International investors back broadband infrastructure plan for sub-Saharan Africa
The International Finance Corporation (IFC) together with Google Inc., Convergence Partners and Mitsui & Co., have agreed to invest up to $100 million in CSquared, a partnership focused on deploying “wholesale, carrier-neutral, open-access fibre optic networks across sub-Saharan Africa”.23 May 2017
The IFC, part of the World Bank Group, said the investment will help improve broadband connectivity1 in a region “where the lack of dependable internet access impairs economic growth, competitiveness, and the development of basic services”. Under the terms of the deal, Google will expand its existing operations in Uganda and Ghana, “with the goal of entering several new markets over the next five years”, the IFC said. “The investment is part of IFC’s Digital Infrastructure Initiative (DII), which aims to increase internet access in under-served regions. Improving broadband connectivity through the DII is a priority for the World Bank Group.”
According to the IFC, “better broadband penetration has a direct impact on gross domestic product growth, increases productivity and transparency, and helps bridge the gender gap”. However, the IFC said “fibre optic cable is expensive, with one kilometre costing between $15,000 and $30,000 – and Africa needs at least half a million more kilometres”. The IFC said deploying and operating infrastructure on a shared basis, as outlined in Csquared’s business model, “can help lower installation and consumer costs”.
The IFC said CSquared has built more than 800km of fibre in Kampala and Entebbe, Uganda and more than 840km of fibre in the Ghanaian cities of Accra, Tema, and Kumasi. “More than 25 internet service providers and mobile network operators now use the company’s fibre networks to offer broadband services and 4G data to end users, with over 1,200 tower and commercial building sites connected directly to CSquared’s fibre infrastructure,” the IFC said. Global head of telecom, media and technology investments at IFC Aniko Szigetvari said: “By supporting broadband business models that promote shared infrastructure, DII will reduce entry barriers and deployment costs in the telecommunications sector, increase affordability, and enable the development of digital economies.”
Google vice-president Marian Croak said: “We believe that together under CSquared, we can get more done to roll-out and operate affordable, high-speed, and reliable infrastructure to expand internet access in Africa. Project Link is demonstrating the impact of shared wholesale infrastructure, and we’re excited to see CSquared bring more infrastructure to more service providers and their customers.”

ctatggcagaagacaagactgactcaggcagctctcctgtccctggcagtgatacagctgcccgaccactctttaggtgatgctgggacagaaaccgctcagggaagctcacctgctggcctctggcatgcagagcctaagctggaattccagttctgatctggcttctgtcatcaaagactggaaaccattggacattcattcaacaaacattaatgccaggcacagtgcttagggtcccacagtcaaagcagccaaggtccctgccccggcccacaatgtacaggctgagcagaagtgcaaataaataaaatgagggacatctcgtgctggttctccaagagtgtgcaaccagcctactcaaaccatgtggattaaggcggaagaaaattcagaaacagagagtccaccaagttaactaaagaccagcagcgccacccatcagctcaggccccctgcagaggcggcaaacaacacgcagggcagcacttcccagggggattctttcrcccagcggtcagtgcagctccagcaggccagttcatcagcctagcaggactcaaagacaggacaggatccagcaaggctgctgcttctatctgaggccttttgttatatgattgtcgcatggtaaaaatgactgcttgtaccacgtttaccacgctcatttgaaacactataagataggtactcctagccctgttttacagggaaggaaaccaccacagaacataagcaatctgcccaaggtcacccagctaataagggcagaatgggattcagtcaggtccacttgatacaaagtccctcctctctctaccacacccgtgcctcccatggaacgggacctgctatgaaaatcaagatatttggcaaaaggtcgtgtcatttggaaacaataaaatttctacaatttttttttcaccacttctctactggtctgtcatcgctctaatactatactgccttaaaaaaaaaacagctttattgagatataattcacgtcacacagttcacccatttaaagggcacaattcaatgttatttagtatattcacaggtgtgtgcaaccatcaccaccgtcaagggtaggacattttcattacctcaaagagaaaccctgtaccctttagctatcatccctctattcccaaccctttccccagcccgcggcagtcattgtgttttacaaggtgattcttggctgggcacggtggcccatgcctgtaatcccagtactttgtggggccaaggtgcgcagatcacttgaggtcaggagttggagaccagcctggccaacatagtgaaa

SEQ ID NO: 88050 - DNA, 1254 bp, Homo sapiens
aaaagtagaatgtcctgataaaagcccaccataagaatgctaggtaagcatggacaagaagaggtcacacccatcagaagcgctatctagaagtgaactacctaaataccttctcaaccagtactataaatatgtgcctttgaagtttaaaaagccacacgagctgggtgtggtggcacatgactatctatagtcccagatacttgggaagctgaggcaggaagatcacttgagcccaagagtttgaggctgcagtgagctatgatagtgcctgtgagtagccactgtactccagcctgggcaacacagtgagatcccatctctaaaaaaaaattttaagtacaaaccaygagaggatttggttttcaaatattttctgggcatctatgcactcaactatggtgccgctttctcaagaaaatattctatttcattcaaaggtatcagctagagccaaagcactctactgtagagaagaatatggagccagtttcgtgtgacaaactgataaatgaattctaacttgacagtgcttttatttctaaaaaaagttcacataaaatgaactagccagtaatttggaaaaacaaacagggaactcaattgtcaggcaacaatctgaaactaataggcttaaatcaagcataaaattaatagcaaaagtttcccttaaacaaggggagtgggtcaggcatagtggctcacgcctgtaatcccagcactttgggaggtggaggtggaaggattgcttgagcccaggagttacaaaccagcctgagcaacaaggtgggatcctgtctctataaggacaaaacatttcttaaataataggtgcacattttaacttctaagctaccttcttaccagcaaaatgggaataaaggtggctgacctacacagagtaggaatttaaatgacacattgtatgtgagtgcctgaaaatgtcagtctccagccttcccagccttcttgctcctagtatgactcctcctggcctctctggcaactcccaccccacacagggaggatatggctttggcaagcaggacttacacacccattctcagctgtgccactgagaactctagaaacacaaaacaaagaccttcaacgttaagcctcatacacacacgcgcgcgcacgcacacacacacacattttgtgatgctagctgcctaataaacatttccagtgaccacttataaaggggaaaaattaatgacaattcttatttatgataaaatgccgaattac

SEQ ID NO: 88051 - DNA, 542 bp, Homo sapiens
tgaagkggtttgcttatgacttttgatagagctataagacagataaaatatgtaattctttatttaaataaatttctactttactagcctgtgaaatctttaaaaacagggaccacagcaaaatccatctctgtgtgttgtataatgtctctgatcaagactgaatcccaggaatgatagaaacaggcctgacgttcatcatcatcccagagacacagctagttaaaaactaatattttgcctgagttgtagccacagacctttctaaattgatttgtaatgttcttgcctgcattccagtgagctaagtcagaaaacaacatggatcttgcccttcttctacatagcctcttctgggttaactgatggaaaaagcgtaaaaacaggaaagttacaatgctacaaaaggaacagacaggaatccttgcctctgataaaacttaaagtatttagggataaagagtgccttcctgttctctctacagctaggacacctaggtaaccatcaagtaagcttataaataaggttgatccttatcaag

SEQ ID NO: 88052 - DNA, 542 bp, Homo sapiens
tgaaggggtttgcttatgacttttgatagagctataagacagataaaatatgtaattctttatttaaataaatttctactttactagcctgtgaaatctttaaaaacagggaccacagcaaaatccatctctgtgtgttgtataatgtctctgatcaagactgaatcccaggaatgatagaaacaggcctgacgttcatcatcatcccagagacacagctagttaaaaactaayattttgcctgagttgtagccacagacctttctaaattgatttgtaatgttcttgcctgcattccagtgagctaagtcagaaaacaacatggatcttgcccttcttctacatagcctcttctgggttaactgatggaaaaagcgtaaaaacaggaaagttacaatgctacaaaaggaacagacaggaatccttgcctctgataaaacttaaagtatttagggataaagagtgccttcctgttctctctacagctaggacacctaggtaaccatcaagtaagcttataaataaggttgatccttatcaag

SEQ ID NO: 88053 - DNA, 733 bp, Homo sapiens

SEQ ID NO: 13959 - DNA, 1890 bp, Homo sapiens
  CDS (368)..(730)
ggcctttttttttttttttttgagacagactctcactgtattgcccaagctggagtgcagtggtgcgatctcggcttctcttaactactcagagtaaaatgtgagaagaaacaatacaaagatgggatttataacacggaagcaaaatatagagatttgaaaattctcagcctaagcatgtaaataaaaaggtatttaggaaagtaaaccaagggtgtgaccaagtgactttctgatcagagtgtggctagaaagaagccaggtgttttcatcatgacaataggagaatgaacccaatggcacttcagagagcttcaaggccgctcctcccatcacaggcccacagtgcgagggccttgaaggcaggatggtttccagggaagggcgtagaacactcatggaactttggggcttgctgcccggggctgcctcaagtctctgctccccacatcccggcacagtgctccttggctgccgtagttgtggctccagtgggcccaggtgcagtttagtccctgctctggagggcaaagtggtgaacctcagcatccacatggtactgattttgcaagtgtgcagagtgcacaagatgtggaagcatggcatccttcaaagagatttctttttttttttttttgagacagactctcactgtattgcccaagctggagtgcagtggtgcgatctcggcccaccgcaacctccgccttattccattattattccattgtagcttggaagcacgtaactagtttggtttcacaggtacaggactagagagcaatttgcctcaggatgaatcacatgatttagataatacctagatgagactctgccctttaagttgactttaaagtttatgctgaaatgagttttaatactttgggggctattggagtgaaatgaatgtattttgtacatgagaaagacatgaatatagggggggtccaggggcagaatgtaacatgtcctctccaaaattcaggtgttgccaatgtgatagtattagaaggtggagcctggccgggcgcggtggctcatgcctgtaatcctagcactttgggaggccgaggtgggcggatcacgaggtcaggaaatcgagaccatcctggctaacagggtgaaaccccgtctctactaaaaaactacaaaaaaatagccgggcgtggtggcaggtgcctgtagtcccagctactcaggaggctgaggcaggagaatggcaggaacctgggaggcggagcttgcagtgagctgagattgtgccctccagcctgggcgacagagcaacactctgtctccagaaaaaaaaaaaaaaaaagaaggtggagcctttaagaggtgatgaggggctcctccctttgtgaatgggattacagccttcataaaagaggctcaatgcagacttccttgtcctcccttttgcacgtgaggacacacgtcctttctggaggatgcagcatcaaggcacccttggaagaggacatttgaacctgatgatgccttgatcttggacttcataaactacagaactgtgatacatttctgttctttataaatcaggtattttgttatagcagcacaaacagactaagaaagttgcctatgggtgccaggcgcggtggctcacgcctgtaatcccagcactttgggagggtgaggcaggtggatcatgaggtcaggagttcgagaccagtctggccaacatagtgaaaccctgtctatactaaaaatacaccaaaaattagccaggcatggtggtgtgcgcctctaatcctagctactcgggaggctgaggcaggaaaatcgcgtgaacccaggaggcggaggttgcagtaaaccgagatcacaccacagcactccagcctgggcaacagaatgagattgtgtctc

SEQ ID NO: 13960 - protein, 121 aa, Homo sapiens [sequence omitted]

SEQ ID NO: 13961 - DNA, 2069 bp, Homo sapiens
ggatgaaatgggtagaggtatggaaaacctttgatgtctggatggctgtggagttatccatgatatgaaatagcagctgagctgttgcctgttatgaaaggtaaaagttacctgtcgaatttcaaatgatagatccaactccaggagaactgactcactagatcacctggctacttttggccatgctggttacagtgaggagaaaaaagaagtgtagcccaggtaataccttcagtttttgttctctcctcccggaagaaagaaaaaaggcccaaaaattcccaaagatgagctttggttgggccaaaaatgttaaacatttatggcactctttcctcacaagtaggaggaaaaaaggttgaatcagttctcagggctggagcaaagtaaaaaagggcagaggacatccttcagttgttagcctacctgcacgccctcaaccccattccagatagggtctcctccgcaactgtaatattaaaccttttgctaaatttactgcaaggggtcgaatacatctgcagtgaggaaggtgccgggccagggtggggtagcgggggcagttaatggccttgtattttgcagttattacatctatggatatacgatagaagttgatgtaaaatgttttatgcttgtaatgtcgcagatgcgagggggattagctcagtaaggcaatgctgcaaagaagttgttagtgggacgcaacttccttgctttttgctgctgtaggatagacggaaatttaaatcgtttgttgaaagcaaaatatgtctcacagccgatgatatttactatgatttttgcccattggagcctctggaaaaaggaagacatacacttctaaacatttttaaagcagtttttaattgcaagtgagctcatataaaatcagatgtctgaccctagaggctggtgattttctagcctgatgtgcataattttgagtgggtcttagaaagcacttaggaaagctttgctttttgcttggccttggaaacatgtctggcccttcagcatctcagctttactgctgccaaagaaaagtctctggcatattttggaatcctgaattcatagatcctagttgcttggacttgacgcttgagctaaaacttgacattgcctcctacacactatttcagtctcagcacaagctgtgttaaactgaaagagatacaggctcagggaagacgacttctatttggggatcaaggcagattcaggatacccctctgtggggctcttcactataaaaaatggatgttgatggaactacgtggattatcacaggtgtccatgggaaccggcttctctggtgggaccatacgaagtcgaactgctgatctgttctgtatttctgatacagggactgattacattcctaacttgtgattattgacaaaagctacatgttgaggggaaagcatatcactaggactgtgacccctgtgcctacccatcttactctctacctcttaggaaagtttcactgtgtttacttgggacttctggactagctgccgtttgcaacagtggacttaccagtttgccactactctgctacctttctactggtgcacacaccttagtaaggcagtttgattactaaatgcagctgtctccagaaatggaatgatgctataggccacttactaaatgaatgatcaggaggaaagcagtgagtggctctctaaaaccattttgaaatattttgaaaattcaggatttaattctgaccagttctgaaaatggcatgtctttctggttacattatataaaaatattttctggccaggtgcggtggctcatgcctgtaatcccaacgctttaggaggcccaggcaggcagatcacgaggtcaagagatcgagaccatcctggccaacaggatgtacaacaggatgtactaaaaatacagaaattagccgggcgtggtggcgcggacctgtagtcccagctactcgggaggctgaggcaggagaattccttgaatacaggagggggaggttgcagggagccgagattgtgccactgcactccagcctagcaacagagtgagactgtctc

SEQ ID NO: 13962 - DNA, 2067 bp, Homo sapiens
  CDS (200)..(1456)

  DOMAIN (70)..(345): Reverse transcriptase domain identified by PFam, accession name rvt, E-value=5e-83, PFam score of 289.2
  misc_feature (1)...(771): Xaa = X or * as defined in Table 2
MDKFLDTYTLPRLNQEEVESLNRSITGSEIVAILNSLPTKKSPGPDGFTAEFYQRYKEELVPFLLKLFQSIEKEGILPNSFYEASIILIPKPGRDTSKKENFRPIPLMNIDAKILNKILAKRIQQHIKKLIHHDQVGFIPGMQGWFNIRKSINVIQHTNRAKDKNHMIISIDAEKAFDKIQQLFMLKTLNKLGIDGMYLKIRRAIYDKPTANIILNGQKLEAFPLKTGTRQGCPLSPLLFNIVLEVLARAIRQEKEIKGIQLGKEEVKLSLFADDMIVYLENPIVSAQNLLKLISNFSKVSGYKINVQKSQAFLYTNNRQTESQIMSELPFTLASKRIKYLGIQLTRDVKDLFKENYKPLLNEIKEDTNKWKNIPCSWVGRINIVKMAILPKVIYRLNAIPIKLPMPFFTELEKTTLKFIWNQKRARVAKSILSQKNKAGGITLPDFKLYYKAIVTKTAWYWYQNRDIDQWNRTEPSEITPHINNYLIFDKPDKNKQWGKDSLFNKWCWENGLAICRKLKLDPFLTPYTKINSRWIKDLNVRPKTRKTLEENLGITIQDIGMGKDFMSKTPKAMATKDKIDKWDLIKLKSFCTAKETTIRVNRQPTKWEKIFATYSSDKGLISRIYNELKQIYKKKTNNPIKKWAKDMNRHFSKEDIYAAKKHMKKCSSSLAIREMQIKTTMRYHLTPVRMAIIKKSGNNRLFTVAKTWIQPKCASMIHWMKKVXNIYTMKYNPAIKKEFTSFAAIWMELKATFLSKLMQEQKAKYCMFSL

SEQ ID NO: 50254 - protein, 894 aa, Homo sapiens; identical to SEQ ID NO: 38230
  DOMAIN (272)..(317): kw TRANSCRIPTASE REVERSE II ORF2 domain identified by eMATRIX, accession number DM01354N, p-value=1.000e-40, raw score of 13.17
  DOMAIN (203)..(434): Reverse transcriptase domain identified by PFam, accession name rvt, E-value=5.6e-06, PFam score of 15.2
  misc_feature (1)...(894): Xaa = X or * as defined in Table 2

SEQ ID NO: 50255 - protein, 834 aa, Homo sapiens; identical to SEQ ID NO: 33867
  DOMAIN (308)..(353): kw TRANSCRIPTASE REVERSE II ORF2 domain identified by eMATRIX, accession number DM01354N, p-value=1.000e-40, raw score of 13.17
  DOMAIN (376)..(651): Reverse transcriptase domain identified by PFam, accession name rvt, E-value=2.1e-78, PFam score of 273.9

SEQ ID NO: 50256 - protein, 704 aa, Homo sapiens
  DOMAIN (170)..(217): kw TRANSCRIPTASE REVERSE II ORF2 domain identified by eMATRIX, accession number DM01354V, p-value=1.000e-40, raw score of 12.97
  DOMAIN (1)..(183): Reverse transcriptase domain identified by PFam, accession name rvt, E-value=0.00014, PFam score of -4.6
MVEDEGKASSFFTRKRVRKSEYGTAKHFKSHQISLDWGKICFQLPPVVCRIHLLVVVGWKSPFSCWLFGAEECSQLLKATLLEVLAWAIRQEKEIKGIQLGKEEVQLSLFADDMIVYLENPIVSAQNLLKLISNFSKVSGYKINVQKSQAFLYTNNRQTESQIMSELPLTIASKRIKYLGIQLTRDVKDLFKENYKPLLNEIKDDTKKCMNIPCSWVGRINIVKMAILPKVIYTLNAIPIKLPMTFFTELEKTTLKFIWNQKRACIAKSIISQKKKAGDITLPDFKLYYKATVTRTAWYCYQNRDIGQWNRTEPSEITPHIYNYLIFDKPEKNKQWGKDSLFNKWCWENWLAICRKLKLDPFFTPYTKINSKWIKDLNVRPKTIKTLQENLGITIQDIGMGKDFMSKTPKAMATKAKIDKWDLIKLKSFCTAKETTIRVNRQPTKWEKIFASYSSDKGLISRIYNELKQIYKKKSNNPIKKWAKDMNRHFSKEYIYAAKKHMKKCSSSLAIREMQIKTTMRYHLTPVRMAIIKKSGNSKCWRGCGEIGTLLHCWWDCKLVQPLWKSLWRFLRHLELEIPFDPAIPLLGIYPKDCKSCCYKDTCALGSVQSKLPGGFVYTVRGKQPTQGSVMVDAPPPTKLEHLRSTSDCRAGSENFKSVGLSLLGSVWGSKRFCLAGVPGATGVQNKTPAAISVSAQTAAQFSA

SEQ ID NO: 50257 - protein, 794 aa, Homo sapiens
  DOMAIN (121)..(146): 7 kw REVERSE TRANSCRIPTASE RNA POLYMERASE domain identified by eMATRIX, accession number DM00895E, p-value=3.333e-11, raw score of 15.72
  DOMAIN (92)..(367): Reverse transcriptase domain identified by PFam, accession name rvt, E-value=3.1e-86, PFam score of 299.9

According to the World Bank’s ‘private participation in infrastructure database’2, the telecoms sector in sub-Saharan Africa was the sector with the largest investment share (68%) between 1990 and 2015.
Total telecoms investment in the region over the period amounted to more than $114 billion, with 208 telecoms projects reaching financial close, the database showed.
Research published in November 2015 by market analysts Ovum3 projected that the number of mobile broadband connections in Africa would reach one billion in 2020, up from 147 million at the end of 2014.
Ovum said the growth of mobile broadband in Africa over the next few years “will be driven by factors such as the ongoing rollout of 3G W-CDMA (wideband code division multiple access) and 4G LTE (long term evolution) networks on the continent and the increasing affordability of smartphones and other data devices”.
- ^ The IFC, part of the World Bank Group, said the investment will help improve broadband connectivity (ifcextapps.ifc.org)
- ^ According to the World Bank’s ‘private participation in infrastructure database’ (ppi.worldbank.org)
- ^ Research published in November 2015 by market analysts Ovum (www.out-law.com)